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THE SIEGE OF BELGRADE:
A COMIC OPERA,
En Three Acts.
BY JAMES COBB, 1956 - 18 19
PRINTED FROM THE ACTING COPY, WITH REMARKS,
To which are added,
A DESCRIPTION OF THE COSTUME, CAST OF THE CHARACTERS, ENTRANCES AND EXITS, RELATIVE POSITION OF THE PER
FORMERS ON THE STAGE, AND THE WHOLE OF THE STAGE
As now performed at the
THEATRES ROYAL, LONDON.
EMBELLISHED WITH A PORTRAIT OF MISS LOVE,
IN THE CHARACTER OF LILLA.
Engraved on Steel by MR. WOOLNOTH, from an original Drawing by MR. WAGEMAN.
JOHN CUMBERLAND, 19, LUDGATE HILL.
The Siege of Belgrade.
THE playwright discovers his ingenuity more when he works without a plot, than with one ;-when, without any strong attempt at character, or extraordinary display of wit, he contrives to escape not only free from censure, but with some share of applause. It is to the very beautiful music, and to the combined talents of the performers, which graced this opera on its first appearance at Drury Lane, that the author owes his popularity. The plot is singularly unimportant and trivial. A young married lady is taken prisoner by a straggling party of the Turkish army, just arrived to the relief of Belgrade, and, as a matter of course, conducted to the Seraskier's seraglio. Her husband, an Austrian colonel, after a sufficient quantum of ejaculations to his adorable girl, and a good deal of blustering about bleeding and conquering with his brave hussars, attempts her rescue in disguise, is taken in the act of delivering a letter-“ a designing malicious-looking letter, that smells of gunpowder like a soldier's pouch"-and instead, as in England, of being hanged for a spy, he is consigned to the bowstring, from which he is miraculously saved by the apropos arrival of a tag-rag and bob-tail mob of Austrian soldiers and peasants, who make the enemy run like lamplighters; and then, to give them music to their dancing, commence singing the finale to the second act. The sequel is easily guessed-after a due portion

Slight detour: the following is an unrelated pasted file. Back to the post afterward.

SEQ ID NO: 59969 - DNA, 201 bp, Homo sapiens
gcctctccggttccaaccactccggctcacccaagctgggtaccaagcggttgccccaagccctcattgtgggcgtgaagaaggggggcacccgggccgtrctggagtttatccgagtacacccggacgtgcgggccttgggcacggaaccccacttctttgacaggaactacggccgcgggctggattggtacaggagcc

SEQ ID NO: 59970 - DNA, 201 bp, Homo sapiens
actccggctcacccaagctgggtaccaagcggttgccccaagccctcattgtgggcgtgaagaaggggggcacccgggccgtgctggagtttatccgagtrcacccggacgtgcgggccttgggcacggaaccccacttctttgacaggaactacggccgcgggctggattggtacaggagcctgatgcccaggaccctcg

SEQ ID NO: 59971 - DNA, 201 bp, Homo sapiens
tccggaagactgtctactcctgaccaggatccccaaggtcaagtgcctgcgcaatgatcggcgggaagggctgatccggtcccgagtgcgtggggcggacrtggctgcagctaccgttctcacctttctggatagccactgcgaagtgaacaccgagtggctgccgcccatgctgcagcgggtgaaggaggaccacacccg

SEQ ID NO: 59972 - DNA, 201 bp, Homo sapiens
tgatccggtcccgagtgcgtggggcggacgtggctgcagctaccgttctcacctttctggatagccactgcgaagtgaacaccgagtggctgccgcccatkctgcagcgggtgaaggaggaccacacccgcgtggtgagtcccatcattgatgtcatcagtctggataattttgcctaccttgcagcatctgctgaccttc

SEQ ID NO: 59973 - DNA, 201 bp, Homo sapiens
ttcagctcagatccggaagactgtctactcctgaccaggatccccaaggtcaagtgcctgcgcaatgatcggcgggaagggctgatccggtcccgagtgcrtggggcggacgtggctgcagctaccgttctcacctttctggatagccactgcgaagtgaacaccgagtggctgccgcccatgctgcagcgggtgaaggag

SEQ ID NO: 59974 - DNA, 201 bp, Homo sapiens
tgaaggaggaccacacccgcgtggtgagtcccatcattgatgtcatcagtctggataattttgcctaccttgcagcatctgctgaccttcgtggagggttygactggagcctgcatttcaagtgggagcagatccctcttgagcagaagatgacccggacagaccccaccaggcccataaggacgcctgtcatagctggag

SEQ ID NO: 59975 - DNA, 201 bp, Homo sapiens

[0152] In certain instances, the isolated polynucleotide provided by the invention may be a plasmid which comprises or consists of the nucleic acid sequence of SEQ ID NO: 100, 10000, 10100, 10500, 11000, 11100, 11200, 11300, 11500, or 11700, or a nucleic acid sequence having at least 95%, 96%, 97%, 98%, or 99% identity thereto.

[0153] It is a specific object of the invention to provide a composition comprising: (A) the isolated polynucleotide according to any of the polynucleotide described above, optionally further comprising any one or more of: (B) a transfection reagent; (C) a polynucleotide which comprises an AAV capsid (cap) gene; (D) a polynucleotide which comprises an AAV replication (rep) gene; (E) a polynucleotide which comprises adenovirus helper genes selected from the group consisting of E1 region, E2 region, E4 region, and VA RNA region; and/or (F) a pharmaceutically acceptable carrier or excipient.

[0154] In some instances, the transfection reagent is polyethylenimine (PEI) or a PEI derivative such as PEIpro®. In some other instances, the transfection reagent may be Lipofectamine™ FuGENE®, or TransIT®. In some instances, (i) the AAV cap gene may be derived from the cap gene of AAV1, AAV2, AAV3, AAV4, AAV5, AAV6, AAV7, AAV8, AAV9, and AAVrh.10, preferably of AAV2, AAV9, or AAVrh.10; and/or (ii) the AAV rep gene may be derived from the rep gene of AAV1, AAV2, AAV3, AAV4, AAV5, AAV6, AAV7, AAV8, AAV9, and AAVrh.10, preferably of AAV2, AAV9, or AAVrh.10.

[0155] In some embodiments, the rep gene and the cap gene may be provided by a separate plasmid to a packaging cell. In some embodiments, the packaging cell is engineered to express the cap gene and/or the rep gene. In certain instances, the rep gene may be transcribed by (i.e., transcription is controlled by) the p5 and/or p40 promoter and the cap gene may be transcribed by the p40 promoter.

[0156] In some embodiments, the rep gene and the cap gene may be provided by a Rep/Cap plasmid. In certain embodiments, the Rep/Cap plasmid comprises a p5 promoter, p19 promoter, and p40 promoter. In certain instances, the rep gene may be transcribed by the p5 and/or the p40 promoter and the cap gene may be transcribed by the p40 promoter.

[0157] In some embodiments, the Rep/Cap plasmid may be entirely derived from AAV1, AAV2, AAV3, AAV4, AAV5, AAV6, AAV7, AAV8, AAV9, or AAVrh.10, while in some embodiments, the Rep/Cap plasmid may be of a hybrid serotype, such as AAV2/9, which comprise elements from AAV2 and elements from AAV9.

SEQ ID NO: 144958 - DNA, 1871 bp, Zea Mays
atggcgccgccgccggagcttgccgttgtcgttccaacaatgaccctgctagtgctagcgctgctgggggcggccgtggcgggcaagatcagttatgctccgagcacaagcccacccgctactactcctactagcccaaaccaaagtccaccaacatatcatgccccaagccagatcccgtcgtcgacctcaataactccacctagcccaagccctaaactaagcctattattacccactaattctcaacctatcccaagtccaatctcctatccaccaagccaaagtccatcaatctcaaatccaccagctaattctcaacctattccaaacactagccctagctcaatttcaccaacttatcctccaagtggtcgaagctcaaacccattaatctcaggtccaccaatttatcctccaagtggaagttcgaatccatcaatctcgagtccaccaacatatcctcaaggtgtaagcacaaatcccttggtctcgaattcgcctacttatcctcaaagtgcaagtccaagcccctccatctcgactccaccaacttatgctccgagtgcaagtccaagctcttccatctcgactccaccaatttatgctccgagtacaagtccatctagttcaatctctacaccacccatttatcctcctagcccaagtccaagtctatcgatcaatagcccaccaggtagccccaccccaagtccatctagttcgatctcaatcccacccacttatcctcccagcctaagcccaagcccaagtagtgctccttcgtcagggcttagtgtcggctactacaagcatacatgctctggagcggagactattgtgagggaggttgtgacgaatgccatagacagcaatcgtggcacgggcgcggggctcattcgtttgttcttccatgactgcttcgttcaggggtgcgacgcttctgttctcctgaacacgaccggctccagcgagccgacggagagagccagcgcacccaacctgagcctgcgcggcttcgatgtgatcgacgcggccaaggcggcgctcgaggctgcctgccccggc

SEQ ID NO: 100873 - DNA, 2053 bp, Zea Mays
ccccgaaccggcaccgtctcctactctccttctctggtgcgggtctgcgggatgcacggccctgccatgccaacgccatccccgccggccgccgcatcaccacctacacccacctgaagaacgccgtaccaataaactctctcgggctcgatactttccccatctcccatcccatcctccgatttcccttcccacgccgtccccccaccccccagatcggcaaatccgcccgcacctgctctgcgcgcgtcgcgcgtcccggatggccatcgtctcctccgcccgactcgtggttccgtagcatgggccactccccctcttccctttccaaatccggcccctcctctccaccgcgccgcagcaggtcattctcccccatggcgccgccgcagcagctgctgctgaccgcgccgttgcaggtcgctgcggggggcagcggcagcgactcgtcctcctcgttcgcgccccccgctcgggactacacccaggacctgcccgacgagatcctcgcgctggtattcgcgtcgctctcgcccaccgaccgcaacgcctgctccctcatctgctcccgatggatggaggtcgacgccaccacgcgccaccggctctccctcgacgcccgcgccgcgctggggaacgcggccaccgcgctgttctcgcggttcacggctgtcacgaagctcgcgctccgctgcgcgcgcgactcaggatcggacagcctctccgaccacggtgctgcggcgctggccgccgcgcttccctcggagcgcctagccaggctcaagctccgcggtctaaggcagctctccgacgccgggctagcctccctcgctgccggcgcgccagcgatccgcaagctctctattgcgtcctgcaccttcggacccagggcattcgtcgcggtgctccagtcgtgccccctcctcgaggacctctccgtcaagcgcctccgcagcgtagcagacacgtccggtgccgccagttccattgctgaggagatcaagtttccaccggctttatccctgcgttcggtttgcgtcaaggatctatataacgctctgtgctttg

of din and danger, of alternate shouting and scampering, there is a regular siege; and the piece concludes with a puff direct on Christian mercy and forbearance, and all that sort of thing; as if the banner of the cross was a whit less blood-stained than that of the crescent.
In addition to this string of probabilities, is an underplot, consisting of the Seraskier's penchant for Lilla, the whimsies of Yuseph, an amorous old magistrate, and the jealous vagaries of a hair-brained passionate blockhead, who commits a thousand extravagances with all the coolness and good temper imaginable. Yuseph is a great relief to the prevailing tedium, to the heavy prose and ricketty rhyme of this opera. The character is sketched with considerable quaintness and humour, and shows that the author could produce comic effects when he would. Yuseph is a perfect type of the renowned Vicar of Bray, having none of that fastidious delicacy which makes a man resign his place when his patrons and partisans are sent to the right about-no, for it would be as difficult to oust this weathercock-official by fair means, as to overturn a pyramid from its base. Under his Turkish masters, he is Yuseph Ben Jacob Ben Mustapha; but, when the Austrians assume dominion, he becomes suddenly transmogrified into Heroon Joseph Wolfgang Bawmbork Blandenkerstoon Schwartzenbergen! He is highly flattered when the Seraskier obligingly condescends to laugh at him, and returns the compliment with full force, when his highness, instead of consulting him on some grand military operation, inquires if there are many pretty girls in the neighbourhood. His religious horror when he beholds the pork and wine impiously spread out to regale the Christian dogs, is only equalled in whim by the voracity with which he devours the one and swallows the other, with the accompanying salvo, that a Mahometan may take a cup of wine when nobody sees him. These oddities are mingled with a cowardice and self-importance no less diverting. Suet was the original Yuseph, and